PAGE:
Photo by: Jonathan Ferrey
2004 Monster Energy NASCAR Cup Series champion Kurt Busch can now add Daytona 500 champion to his resume. The Stewart-Haas Racing driver acquired the lead on the last lap of The Great American Race, and despite reports that he would be short on fuel, made it to the end .228 seconds ahead of the No. 21 of Ryan Blaney.
Busch led only one lap Sunday afternoon, but it was by far the most important one. Busch, who is sponsored by the new series title sponsor, persevered with a damaged car and a missing rear view mirror in the final stage of the historic event.
“There is nothing predictable about this race any more, and the more years that have gone by that I didn’t win I kept trying to go back to patterns that I had seen in the past,” Busch said. “My mirror fell off with 30 laps to go and I couldn’t even see out the back. And I thought that was an omen. Throw caution to the wind.”
And he did. Busch gained the momentum that his fellow drivers while running out of fuel. Pole sitter Chase Elliott finished 14th after falling short of fuel on the final lap.
“It just got crazy and wild, and I am so proud of all the drivers at the end. We put on a show for a full fuel run, and nobody took each other out and it was one of the smartest chess games I have seen out there. All the hard work that Ford and SHR put into this — this Ford Fusion is in Daytona’s Victory Lane!”
Busch’s brother, Kyle Busch, won the first 60-lap stage but spun on Lap 105 because of a punctured tire. He collected teammate Matt Kenseth and NASCAR’s most popular driver, Dale Earnhardt Jr., who was racing for the first time since July after missing the second half of the 2016 season due to a concussion. Earnhardt took his Nationwide Chevrolet to the garage and finished in the 37th position.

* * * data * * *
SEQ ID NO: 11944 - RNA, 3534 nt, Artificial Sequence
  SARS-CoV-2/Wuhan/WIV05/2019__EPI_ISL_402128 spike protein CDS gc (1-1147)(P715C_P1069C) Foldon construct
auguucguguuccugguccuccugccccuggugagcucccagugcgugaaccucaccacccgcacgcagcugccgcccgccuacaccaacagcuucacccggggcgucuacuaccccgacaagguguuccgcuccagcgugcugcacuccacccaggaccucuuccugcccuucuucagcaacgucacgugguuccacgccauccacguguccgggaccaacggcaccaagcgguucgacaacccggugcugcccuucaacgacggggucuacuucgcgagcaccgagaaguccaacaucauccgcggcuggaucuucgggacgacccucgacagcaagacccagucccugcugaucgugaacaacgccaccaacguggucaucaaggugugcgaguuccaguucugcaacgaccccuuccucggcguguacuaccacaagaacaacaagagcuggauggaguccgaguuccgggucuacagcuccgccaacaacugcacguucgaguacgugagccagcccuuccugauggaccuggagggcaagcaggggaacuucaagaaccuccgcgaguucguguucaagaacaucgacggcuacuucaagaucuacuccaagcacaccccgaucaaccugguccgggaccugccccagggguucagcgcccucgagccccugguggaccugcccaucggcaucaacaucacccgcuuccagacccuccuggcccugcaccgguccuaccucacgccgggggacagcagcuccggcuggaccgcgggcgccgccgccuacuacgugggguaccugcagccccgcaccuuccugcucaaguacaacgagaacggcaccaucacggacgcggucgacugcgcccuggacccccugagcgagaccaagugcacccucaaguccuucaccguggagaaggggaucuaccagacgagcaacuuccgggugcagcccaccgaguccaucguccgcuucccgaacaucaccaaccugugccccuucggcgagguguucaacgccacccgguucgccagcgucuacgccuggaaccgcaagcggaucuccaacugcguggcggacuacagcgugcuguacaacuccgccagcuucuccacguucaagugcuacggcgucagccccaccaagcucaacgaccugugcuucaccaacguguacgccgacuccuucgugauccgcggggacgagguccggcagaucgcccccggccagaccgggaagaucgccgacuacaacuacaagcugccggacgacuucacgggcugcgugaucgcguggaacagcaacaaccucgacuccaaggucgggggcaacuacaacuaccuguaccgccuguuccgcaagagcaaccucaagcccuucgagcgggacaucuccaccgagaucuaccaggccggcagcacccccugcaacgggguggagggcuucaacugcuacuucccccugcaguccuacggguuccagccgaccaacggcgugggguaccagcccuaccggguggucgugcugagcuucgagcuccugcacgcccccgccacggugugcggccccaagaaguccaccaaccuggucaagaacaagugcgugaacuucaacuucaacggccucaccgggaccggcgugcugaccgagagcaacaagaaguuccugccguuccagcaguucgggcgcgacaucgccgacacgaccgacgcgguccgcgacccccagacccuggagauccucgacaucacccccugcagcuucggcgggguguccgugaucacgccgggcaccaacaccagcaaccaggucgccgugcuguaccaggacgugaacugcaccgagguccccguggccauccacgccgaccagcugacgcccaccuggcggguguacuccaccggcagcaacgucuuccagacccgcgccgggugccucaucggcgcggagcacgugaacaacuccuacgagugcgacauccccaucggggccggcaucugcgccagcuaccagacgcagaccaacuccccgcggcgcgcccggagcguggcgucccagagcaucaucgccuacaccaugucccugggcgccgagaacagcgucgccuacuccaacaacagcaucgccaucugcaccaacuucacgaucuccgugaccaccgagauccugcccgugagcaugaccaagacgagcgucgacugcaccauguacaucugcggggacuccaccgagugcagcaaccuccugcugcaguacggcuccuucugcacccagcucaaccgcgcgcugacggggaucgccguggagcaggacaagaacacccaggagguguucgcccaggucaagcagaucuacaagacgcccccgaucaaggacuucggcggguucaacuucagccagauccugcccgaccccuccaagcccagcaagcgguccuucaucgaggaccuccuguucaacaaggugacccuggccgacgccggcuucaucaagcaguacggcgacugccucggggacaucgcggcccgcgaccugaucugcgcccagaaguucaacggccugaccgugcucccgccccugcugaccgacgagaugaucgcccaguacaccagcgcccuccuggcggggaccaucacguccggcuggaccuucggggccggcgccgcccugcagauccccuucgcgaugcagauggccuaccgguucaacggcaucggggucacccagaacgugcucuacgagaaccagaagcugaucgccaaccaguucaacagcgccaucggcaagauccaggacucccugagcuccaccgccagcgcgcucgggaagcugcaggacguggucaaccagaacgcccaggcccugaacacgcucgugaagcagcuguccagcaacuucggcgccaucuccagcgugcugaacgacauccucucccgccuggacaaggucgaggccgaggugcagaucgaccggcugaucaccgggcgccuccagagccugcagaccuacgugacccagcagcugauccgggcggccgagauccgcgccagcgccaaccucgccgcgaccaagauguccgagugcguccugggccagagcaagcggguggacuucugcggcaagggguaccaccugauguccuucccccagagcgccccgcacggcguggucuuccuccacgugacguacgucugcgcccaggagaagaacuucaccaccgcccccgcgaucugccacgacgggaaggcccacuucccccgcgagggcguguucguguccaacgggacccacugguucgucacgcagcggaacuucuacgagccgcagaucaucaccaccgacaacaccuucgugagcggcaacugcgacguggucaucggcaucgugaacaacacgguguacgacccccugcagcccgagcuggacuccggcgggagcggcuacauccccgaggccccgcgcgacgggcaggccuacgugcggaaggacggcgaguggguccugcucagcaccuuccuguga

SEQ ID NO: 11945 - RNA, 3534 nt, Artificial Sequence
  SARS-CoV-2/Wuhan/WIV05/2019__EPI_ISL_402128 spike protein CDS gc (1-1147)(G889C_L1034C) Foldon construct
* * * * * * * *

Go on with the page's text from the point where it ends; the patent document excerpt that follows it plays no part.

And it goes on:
Stage 2 winner Kevin Harvick was involved in a multi-car wreck on Lap 128 when Jamie McMurray made it four wide, causing the defending champion Jimmie Johnson to spin. The incident was the cause of the eventual race winner’s damage that also destroyed the No. 14 of Clint Bowyer.
The newlywed driver, who married his wife Ashley in the offseason, brought Stewart-Haas Racing it’s first Ford victory since making the manufacturer switch. The win is the 29th of Busch’s career and the first for co-owner Tony Stewart since retirement.
“If I had known all I had to do was retire, I would have retired 17 years ago, if I knew it was what it took to win the race … I ran this damn race for 18 years and didn’t win it.”